The third-quarter GDP annualized at -3.0% in variation to the predicted -0.8%. The decline in exports, CAPEX, and consumption has hurt them badly. As of now, the Q4 projections are brighter, but the growth is still predicted to be slow. The consumer sentiment is sluggish and presents a risk to the global economic outlook.
The supply disruption has adversely affected the exports business, according to Reuters, Tokyo. Hopes are being pinned on the covid pandemic ebbing soon so that the third-largest economy rebounds in the fourth quarter. With the virus curbs in movement, the production and supply bottlenecks are wreaking havoc in the export-oriented Japanese economy.
According to Takeshi Minami, Chief Economist at Norinchukin Research Institute, the car industry and capital spending has been hit hard, and consumption has yet to see a perceivable increase despite Covid -19 curbs being eased since September. After the 1.5 % gain in the first quarter, this 3.0% contraction in July-September is a matter of concern.
This is much opposed to markets like the USA, where the markets rose by 2.0 % in the third quarter due to the backlog demand sentiment being on the rise. In China, too, retail sales have been on the ascendant despite curbs and shortages.
According to some analysts, Japan might be in this situation due to its dependency on the auto industry, making it vulnerable to supply issues more than other countries. The Principal Economist at Mitsubishi UFJ Research and Consulting, Shinichiro Kobayashi, surmised that automakers attribute to a large part of Japan’s manufacturing sector; hence the supply disruption has directly affected many subcontractors.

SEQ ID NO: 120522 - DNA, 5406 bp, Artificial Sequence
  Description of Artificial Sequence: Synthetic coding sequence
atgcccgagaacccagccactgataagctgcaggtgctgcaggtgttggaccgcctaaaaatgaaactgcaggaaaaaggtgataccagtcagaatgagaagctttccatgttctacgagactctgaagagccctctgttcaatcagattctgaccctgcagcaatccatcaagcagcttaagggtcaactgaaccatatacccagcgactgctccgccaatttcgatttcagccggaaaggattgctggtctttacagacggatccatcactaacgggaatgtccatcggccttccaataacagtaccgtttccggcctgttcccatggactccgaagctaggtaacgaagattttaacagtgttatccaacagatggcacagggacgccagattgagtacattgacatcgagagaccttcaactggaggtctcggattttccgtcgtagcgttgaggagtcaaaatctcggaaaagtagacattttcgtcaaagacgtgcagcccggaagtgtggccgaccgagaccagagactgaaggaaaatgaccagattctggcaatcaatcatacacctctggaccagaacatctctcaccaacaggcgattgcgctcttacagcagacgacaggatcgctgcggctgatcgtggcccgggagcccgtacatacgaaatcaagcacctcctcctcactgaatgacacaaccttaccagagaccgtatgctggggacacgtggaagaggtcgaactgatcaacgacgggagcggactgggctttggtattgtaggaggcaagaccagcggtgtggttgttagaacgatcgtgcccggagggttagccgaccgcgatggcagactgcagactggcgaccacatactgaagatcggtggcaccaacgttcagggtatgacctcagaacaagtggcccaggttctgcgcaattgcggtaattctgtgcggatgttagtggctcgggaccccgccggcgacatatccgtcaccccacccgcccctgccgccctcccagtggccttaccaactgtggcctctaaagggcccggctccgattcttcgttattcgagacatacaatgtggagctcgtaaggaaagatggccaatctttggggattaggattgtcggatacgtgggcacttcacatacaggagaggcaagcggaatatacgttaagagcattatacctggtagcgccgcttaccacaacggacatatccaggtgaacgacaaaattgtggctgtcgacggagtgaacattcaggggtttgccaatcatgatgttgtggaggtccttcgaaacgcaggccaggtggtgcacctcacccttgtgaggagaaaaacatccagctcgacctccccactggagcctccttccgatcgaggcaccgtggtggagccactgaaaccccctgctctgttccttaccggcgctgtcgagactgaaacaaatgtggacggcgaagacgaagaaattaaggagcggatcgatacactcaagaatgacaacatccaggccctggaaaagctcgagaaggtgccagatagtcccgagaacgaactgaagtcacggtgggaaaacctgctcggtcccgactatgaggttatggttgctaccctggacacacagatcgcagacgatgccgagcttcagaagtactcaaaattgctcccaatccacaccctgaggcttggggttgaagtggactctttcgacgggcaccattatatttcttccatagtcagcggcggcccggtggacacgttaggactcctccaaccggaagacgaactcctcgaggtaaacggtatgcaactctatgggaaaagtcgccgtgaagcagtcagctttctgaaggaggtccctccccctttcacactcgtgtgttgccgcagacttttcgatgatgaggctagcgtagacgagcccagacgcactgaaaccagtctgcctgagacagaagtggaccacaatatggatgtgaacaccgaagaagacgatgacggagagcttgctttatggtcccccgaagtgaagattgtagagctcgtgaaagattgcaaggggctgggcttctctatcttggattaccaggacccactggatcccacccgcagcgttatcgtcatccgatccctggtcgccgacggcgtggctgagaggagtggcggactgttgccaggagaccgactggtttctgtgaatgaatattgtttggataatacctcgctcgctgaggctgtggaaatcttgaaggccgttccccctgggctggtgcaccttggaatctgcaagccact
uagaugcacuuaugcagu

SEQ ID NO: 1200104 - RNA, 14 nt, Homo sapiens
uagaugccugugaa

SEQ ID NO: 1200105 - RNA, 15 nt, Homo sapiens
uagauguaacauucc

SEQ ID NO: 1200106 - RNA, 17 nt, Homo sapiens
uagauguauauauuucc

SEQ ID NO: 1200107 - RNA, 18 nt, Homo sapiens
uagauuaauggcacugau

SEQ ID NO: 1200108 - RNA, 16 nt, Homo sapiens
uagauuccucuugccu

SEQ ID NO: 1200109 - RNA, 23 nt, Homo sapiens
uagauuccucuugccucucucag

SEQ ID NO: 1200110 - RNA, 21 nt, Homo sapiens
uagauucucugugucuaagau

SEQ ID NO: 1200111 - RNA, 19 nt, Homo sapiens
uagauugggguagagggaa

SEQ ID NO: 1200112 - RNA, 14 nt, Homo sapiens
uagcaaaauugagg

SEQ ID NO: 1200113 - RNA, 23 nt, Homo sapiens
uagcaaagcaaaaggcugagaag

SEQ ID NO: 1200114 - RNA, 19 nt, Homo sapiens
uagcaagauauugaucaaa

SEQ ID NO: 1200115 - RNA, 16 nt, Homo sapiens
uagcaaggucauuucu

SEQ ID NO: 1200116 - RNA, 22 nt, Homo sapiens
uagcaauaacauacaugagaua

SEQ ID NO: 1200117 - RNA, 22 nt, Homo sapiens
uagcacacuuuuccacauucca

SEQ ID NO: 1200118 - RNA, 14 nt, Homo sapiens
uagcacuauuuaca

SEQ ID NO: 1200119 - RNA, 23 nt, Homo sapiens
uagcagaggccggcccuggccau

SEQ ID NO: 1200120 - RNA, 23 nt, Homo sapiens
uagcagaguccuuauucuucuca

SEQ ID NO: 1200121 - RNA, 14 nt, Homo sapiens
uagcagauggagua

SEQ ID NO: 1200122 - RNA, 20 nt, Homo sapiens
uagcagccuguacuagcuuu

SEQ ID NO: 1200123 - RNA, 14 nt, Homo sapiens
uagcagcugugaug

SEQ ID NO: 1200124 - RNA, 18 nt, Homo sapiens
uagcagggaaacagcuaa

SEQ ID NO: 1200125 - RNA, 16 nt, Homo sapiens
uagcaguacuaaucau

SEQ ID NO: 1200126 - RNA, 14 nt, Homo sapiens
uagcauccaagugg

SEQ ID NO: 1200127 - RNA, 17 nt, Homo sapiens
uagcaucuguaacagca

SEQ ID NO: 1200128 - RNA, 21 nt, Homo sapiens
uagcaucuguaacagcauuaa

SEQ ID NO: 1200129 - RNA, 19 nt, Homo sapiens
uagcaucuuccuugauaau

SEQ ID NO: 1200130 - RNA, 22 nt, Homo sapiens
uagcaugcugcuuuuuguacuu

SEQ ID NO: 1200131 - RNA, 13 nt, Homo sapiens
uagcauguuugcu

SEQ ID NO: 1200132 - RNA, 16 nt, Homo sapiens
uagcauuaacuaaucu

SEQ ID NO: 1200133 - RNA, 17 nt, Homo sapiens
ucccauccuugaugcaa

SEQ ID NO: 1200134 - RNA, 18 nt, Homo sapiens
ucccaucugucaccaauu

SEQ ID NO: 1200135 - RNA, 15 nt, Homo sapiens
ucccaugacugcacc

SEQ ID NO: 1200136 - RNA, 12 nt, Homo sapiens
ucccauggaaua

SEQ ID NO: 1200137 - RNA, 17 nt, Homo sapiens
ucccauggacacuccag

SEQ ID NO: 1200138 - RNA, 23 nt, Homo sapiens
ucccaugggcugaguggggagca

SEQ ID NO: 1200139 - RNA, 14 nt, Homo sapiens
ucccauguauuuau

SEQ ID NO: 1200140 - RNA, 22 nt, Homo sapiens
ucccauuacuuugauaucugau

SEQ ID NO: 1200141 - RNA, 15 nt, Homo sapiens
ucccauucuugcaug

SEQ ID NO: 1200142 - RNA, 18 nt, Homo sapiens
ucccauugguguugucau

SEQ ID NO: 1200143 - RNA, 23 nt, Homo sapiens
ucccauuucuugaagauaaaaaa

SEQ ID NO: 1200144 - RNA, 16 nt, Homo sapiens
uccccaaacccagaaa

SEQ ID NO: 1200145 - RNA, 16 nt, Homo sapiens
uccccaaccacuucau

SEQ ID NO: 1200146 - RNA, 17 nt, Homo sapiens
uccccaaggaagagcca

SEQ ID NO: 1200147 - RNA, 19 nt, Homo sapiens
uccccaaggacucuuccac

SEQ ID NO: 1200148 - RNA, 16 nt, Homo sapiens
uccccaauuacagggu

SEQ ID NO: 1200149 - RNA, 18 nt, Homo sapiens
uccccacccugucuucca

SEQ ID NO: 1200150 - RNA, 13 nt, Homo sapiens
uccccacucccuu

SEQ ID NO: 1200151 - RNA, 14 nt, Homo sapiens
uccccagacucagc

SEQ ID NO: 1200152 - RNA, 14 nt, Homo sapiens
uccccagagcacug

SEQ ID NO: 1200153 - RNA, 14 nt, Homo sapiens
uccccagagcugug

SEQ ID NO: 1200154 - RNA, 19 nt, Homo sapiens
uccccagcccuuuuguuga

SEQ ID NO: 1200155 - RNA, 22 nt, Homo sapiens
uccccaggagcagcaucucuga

The Japanese Prime Minister Fumio Kishida has taken corrective measures, and there are plans afoot to compile a large-scale economic stimulus package. Though worth several tens of trillion yen, this package has not convinced economists about bringing a significant impact anytime soon. Norinchukin’s Minami was reported saying that this package is a mixed bag of short-term and long-term growth measures, and many impacts might not be seen in the fourth quarter.
According to Takahide Kiuchi, former Bank of Japan board member, now serving as chief economist at Nomura Research Institute, the real GDP will not come back to pre-pandemic levels until the second half of 2023. Just a moderate growth of 1%-2% is expected that to take into account the stimulus package.